O advento de novas tecnologias de imagem tais como o PET, SPECT e RM diminu√≠ram em muito a necessidade da utiliza√ß√£o de eletrodos invasivos na investiga√ß√£o pr√©-operat√≥ria de pacientes epil√©pticos. No entanto, 10 a 30% dos pacientes com epilepsias refrat√°rias ainda possuem investiga√ß√£o n√£o-invasiva inconclusiva. Este estudo relata nossos paradigmas para o implante de eletrodos subdurais nesta popula√ß√£o de epil√©pticos refrat√°rios. M√ČTODOS: Vinte e nove pacientes portadores de epilepsias refrat√°rias foram estudados. Eles foram divididos em 5 grupos de s√≠ndromes epil√©pticas que inclu√≠am a maioria dos pacientes submetidos a implantes: bitemporais (grupo I; n=16), bifrontomesiais (grupo II; n=5), hemisf√©ricos (grupo III; n=2), quadrante anterior (grupo IV; n=3) e quadrante posterior (grupo V; n=3). Todos foram submetidos a extensos implantes subdurais (de 64 a 160 contatos) cobrindo todo o c√≥rtex potencialmente epileptog√™nico, sob anestesia geral. RESULTADOS: Todos pacientes toleraram bem o procedimento. Vinte e dois pacientes referiram cefal√©ia. N√£o houve outro sinal ou sintoma sugestivo de hipertens√£o intracraniana. Com exce√ß√£o de um paciente do grupo II, a monitoriza√ß√£o eletrocorticogr√°fica cr√īnica foi capaz de definir uma √°rea focal pr√≥pria para a ressec√ß√£o cortical. A estimula√ß√£o cortical foi capaz de mapear as √°reas eloquentes necess√°rias em todos os pacientes dos grupos II a V. CONCLUS√ÉO: Alguns pacientes com epilepsia refrat√°ria ainda necessitam de avalia√ß√£o invasiva apesar dos avan√ßos nos m√©todos diagn√≥sticos pr√©-operat√≥rios. A padroniza√ß√£o dos paradigmas para implante subdural destes pacientes bem como o estudo de popula√ß√Ķes homog√™neas de pacientes definidas por RM levar√° a melhor compreens√£o da fisiopatologia envolvida nestes casos bem como a melhores resultados cir√ļrgicos.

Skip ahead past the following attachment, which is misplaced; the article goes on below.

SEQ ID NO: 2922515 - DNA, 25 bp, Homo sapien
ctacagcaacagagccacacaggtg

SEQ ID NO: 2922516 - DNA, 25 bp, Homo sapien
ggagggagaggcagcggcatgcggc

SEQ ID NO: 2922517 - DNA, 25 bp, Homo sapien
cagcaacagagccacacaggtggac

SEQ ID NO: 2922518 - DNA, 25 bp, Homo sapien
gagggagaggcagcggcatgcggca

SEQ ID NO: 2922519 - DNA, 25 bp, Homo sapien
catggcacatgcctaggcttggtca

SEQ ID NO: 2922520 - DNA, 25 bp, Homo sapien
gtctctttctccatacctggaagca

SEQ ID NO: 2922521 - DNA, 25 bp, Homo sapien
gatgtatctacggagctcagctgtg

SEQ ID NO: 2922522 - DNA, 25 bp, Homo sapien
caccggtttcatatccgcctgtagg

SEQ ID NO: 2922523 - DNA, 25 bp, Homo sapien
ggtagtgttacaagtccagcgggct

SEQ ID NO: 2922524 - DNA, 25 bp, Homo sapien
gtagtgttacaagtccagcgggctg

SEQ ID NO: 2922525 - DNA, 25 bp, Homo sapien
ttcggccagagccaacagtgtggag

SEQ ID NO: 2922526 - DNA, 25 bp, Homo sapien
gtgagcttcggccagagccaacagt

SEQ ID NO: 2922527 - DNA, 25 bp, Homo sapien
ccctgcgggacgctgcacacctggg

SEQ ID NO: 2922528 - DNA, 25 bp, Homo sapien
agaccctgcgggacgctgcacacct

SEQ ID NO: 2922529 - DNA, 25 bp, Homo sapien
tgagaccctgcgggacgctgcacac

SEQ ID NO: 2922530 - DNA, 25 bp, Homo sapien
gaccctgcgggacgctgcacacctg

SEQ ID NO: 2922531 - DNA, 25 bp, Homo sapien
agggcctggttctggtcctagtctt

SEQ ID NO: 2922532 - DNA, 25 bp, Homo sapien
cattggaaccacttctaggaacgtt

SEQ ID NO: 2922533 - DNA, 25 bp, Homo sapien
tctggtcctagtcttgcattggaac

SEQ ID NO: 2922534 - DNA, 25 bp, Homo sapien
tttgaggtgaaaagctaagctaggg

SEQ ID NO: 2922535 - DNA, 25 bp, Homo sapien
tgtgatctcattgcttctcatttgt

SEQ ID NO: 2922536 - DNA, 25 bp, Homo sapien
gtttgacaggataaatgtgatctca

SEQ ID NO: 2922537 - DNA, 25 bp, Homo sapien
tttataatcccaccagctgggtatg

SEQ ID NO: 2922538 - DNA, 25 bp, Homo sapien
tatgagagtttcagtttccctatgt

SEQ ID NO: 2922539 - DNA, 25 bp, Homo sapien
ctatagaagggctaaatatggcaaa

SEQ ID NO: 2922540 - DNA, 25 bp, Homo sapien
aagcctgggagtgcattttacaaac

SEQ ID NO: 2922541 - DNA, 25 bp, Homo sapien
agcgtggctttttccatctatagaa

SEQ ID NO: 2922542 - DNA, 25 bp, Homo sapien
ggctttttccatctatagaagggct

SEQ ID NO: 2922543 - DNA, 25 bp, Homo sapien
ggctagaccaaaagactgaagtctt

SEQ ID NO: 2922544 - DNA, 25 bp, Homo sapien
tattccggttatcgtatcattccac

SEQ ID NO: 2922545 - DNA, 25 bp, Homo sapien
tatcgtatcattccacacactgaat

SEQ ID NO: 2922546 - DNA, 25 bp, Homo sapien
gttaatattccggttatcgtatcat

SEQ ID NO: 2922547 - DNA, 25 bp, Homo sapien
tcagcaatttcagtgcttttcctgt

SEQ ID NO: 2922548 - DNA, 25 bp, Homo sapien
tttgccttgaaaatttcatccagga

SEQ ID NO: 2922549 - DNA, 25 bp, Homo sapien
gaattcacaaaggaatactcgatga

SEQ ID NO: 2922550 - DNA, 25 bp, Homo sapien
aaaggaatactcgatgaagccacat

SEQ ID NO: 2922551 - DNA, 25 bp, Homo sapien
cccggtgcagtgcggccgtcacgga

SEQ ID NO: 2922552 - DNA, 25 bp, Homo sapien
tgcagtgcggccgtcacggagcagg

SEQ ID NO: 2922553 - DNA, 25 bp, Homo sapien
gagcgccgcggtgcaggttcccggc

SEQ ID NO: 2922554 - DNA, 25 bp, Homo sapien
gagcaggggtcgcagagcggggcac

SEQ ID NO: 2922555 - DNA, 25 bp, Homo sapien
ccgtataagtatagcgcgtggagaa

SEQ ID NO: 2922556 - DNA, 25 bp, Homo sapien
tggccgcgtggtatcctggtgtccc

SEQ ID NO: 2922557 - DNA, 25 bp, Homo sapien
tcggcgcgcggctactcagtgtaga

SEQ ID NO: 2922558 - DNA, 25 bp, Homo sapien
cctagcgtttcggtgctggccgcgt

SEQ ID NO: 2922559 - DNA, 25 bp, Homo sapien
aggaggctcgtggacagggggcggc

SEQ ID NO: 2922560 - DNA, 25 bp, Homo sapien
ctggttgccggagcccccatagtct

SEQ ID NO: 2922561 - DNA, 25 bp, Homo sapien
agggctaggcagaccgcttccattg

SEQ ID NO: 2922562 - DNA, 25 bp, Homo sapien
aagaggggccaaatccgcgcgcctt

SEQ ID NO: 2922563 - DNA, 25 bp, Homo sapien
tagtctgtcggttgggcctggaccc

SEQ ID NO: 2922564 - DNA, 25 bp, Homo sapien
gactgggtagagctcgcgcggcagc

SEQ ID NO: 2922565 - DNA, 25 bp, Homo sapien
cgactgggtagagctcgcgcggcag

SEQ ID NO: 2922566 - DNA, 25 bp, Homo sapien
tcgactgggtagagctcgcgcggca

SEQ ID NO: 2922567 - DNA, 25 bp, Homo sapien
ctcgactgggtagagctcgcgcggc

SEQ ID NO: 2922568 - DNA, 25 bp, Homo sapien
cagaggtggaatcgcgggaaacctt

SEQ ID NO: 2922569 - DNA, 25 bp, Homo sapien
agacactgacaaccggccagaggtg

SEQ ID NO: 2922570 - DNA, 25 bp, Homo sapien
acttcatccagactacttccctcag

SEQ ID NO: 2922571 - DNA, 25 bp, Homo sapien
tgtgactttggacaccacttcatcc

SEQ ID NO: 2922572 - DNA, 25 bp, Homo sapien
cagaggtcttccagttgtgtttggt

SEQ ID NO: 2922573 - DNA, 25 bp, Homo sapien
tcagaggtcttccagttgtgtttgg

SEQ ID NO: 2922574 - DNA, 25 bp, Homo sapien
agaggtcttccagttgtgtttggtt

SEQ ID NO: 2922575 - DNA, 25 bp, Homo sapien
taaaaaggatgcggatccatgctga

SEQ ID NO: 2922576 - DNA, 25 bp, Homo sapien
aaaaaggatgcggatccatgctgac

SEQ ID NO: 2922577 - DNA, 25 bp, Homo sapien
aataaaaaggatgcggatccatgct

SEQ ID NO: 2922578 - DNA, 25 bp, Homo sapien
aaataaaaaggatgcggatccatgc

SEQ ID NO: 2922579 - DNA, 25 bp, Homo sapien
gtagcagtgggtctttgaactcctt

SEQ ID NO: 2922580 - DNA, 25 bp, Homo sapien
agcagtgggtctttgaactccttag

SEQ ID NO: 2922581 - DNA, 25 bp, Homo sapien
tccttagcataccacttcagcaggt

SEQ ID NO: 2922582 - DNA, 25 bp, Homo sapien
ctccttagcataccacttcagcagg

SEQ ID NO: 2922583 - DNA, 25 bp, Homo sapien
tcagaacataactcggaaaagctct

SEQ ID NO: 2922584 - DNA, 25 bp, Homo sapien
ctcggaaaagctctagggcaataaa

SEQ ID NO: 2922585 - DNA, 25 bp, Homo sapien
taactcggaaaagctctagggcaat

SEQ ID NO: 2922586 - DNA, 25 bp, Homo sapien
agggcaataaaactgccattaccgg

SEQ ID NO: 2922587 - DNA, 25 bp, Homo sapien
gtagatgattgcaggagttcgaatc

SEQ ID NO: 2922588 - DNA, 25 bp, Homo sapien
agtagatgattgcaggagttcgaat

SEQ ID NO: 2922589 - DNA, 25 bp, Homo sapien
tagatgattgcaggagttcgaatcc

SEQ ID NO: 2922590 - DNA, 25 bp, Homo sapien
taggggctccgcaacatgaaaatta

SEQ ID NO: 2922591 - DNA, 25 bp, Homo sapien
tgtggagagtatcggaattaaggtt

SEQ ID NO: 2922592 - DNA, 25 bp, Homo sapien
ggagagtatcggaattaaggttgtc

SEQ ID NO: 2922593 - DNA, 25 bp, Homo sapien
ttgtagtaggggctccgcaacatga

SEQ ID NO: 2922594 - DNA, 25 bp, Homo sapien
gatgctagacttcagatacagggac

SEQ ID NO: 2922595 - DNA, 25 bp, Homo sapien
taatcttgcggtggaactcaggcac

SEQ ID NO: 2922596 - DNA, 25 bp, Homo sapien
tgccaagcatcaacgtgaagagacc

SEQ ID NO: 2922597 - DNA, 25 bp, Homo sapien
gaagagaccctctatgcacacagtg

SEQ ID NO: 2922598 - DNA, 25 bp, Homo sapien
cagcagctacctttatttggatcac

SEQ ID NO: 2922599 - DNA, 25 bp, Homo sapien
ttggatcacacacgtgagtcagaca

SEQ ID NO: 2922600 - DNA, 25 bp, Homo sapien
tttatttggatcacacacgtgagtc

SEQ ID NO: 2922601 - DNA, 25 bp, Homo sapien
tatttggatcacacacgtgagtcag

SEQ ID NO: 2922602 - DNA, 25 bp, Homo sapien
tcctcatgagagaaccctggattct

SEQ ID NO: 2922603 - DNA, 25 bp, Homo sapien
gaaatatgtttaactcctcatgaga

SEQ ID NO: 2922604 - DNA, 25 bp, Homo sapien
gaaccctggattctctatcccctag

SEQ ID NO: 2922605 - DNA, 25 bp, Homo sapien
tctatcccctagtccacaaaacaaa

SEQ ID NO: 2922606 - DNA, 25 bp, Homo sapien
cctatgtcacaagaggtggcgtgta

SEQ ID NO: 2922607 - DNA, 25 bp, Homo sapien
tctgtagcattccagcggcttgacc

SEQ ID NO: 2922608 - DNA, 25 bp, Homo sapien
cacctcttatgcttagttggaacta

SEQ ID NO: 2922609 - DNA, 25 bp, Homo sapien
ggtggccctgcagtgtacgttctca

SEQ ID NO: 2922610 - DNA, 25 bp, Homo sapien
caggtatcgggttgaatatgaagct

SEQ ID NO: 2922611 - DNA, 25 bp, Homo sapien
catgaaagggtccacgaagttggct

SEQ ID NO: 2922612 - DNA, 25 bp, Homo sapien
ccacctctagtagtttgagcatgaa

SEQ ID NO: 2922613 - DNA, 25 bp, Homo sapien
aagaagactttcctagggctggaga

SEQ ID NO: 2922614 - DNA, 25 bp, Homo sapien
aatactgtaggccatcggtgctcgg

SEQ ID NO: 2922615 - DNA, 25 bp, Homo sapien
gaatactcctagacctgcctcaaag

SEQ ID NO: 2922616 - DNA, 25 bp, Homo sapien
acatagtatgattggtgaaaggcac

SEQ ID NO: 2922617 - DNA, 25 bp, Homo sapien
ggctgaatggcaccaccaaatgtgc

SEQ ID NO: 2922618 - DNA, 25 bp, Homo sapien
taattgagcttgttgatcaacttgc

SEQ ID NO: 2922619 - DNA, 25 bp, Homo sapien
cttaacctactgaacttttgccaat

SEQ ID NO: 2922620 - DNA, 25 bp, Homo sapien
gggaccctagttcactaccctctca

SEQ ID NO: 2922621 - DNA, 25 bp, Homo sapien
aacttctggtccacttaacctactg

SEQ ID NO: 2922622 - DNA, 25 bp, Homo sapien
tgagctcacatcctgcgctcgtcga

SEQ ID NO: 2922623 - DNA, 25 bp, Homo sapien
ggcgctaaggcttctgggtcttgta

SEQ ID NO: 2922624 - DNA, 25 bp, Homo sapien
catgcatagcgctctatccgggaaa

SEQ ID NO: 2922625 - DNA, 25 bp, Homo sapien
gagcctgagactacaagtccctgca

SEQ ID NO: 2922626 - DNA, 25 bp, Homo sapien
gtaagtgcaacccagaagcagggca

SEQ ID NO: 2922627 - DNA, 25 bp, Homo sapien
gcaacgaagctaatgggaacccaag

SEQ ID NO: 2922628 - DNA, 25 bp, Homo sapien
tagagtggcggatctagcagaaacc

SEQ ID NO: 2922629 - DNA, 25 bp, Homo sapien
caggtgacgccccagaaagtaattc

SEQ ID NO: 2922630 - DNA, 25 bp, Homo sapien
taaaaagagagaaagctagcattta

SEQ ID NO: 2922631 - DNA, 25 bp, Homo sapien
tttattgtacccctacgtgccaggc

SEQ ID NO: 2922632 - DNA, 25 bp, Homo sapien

The need for invasive monitoring in patients with refractory epilepsy has been greatly reduced by the introduction of new technologies such as PET, SPECT and MRI in the clinical practice1,2. On the other hand, 10 to 30% of the patients with refractory epilepsy have non-localizatory non-invasive preoperative work-up results3. They often have normal MRI or imaging studies showing multifocal potentially epileptogenic lesions. The better understanding of the pathophysiology of the epilepsies led to a better classification of the epileptic syndromes. Despite the fact that intracranial electrodes have often been used in the preoperative investigation of epileptics over the last decades, the patterns for their distribution over the cortex have usually been defined according to the specific patient's needs4-6. This paper reports on the paradigms for subdural electrodes implantation in patients with different refractory epileptic syndromes.